The magnetic Grüneisen ratio in Eq. (1) is obtained from the ratio of the scaled ordinates in Fig. 2. This results in \(\gamma _{\mathrm {a,mag}} = 5.0\cdot 10^{-7}\) mol/J, \(\gamma _{\mathrm {b,mag}} = -1.8\cdot 10^{-7}\) mol/J, and \(\gamma _{\mathrm {c,mag}} = 9.3\cdot 10^{-8}\) mol/J, which yields uniaxial pressure dependencies at \(T_{\mathrm {N}}\) of 1.8(4) K/GPa (\(p\parallel a\)), \(-0.62(15)\) K/GPa (\(p\parallel b\)) and 0.33(10) K/GPa (\(p\parallel c\)). Long-range antiferromagnetic (AFM) order is thus strengthened by pressure \(p\parallel a\) and c whereas \(p\parallel b\) influences the competition of interactions in a way that long-range order is suppressed. From a qualitative point of view, increase of \(T_{\mathrm {N}}\) upon in-plane pressure which likely increases the lattice spacing along the c direction suggests that the perpendicular exchange couplings (\(J_{\perp }\)) are not crucially driving long-range AFM order. We also speculate that uniaxial pressure \(p\parallel a\) (\(p\parallel b\)) changes the Cu1-O-Cu1 bond angle further towards (away from) 90\(^\circ\), thereby increasing (decreasing) ferromagnetic exchange \(J_1\) while \(J_1'\) becomes smaller for \(p\parallel a\). Our results, i.e., \({\partial }T_{\mathrm {N}}/{\partial }p_{a} > 0\) and \({\partial }T_{\mathrm {N}}/{\partial }p_{b} < 0\) hence indicate a crucial role of \(J_1\) for stabilizing A-type AFM order.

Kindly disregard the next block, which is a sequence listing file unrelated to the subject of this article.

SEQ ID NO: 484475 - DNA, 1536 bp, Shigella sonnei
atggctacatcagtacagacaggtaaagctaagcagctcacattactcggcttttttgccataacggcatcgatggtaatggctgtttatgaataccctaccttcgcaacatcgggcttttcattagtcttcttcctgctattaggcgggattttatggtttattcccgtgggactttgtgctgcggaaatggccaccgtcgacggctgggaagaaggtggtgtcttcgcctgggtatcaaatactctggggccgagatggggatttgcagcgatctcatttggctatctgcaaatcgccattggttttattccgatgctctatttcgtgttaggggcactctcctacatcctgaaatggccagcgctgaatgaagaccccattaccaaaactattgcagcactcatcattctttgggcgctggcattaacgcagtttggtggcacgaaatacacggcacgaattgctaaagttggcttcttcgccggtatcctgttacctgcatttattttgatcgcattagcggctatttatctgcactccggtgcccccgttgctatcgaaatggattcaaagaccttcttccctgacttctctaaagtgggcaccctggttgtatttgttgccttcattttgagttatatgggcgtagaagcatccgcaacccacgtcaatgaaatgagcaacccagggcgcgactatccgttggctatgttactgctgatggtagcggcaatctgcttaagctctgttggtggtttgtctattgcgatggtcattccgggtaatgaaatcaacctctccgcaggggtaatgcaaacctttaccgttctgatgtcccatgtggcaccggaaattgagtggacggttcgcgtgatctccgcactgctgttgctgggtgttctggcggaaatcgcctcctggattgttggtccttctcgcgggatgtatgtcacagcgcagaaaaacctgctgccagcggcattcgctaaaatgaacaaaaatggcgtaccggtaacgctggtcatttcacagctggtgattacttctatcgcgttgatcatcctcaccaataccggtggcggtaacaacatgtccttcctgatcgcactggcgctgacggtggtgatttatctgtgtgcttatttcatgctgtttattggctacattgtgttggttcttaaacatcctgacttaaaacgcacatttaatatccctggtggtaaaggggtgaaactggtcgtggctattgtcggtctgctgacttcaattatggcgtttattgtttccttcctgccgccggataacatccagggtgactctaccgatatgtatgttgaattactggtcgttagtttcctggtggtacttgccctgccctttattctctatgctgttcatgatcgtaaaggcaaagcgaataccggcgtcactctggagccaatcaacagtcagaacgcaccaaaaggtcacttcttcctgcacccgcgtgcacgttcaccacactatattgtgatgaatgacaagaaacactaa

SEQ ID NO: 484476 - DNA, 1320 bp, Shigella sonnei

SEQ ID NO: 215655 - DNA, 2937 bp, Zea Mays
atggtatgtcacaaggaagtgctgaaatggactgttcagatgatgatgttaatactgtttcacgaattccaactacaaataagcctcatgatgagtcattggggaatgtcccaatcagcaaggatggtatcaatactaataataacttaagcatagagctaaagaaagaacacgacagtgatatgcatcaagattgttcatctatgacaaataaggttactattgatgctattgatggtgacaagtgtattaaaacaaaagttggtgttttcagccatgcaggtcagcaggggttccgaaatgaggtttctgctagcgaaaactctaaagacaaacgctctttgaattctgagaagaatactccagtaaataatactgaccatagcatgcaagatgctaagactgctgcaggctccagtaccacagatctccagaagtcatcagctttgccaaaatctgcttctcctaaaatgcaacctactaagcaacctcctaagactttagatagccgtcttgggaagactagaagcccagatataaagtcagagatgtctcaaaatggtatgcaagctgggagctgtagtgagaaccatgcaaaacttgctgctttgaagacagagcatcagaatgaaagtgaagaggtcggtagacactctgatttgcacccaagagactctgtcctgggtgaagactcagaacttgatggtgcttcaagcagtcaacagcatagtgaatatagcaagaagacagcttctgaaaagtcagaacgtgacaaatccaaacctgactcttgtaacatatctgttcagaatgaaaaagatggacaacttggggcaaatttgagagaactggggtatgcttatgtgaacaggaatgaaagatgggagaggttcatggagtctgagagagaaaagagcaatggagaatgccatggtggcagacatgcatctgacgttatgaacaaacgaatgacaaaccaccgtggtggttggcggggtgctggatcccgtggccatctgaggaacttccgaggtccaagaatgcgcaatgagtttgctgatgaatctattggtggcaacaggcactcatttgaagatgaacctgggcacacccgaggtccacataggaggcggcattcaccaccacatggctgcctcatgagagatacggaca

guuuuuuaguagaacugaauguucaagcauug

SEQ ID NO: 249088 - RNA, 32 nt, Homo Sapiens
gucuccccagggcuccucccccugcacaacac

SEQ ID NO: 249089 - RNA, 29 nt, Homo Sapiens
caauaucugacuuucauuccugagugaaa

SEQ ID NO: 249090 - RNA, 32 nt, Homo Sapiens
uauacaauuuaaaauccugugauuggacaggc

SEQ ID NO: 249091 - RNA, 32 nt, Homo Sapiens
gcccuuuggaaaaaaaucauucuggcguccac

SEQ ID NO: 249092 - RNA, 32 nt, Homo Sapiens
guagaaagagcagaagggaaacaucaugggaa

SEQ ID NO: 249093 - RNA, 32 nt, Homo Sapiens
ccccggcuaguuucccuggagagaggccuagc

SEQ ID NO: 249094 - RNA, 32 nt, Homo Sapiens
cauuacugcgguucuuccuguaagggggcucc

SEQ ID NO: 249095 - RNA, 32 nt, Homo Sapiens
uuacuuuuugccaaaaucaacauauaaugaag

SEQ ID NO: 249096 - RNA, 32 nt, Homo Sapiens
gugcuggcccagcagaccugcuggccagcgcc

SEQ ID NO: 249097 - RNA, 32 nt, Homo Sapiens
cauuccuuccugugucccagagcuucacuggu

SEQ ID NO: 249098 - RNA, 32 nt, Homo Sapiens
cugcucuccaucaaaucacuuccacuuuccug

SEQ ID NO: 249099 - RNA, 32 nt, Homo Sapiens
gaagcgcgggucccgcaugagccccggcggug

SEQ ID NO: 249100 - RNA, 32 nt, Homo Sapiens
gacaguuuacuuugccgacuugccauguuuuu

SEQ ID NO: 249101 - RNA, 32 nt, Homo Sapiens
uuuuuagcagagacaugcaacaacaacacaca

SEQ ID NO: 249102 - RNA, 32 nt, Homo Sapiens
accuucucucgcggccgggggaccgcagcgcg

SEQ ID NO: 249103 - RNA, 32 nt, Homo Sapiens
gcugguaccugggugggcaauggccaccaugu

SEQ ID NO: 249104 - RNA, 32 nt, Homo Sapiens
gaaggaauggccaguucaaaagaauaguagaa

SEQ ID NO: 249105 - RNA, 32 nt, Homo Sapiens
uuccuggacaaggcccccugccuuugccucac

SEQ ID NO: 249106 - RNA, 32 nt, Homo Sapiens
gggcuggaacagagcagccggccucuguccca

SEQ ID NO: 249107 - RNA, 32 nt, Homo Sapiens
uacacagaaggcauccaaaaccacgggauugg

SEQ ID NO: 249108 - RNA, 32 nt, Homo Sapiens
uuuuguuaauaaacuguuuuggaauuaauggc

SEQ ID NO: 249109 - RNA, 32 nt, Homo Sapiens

The analysis of the structural phase transition yields much larger values for the uniaxial pressure dependencies \({\partial }T_{\mathrm {S}}/{\partial }p_i\) in comparison with \({\partial }T_{\mathrm {N}}/{\partial }p_i\). In-plane pressure strongly suppresses the structural phase transition (\({\partial }T_{\mathrm {S}}/{\partial }p_a = -19(6)\) K/GPa, \({\partial }T_{\mathrm {S}}/{\partial }p_b = -5.7(1.1)\) K/GPa) whereas pressure applied out-of-plane enhances \(T_{\mathrm {S}}\) even more strongly (\({\partial }T_{\mathrm {S}}/{\partial }p_c = 27~K\)/GPa). The Grüneisen ratios corresponding to these values are derived in a different manner than for \(T_{\mathrm {N}}\), by area-conserving – and for \(c_{\mathrm {p}}\) entropy-conserving – interpolations of the jump heights of the respective quantities at \(T_{\mathrm {S}}\) (see supplement, Fig. S5). Table 1 summarizes the pressure dependence of the transition temperatures in CBSCl.

Table 1 Pressure dependencies of the transition temperatures calculated from the magnetic Grüneisen ratios \(\gamma _{i,\mathrm {mag}}\) at \(T_{\mathrm {N}}\), as well as from the jumps \(\Delta \alpha _i\) and \({\Delta }c_{\mathrm {p}}\) at \(T_{\mathrm {S}}\), for the three main crystallographic axes. The hydrostatic pressure dependence \(dT_{\mathrm {S}}/dp\) is calculated as the sum of all three uniaxial ones and denoted as “volume”.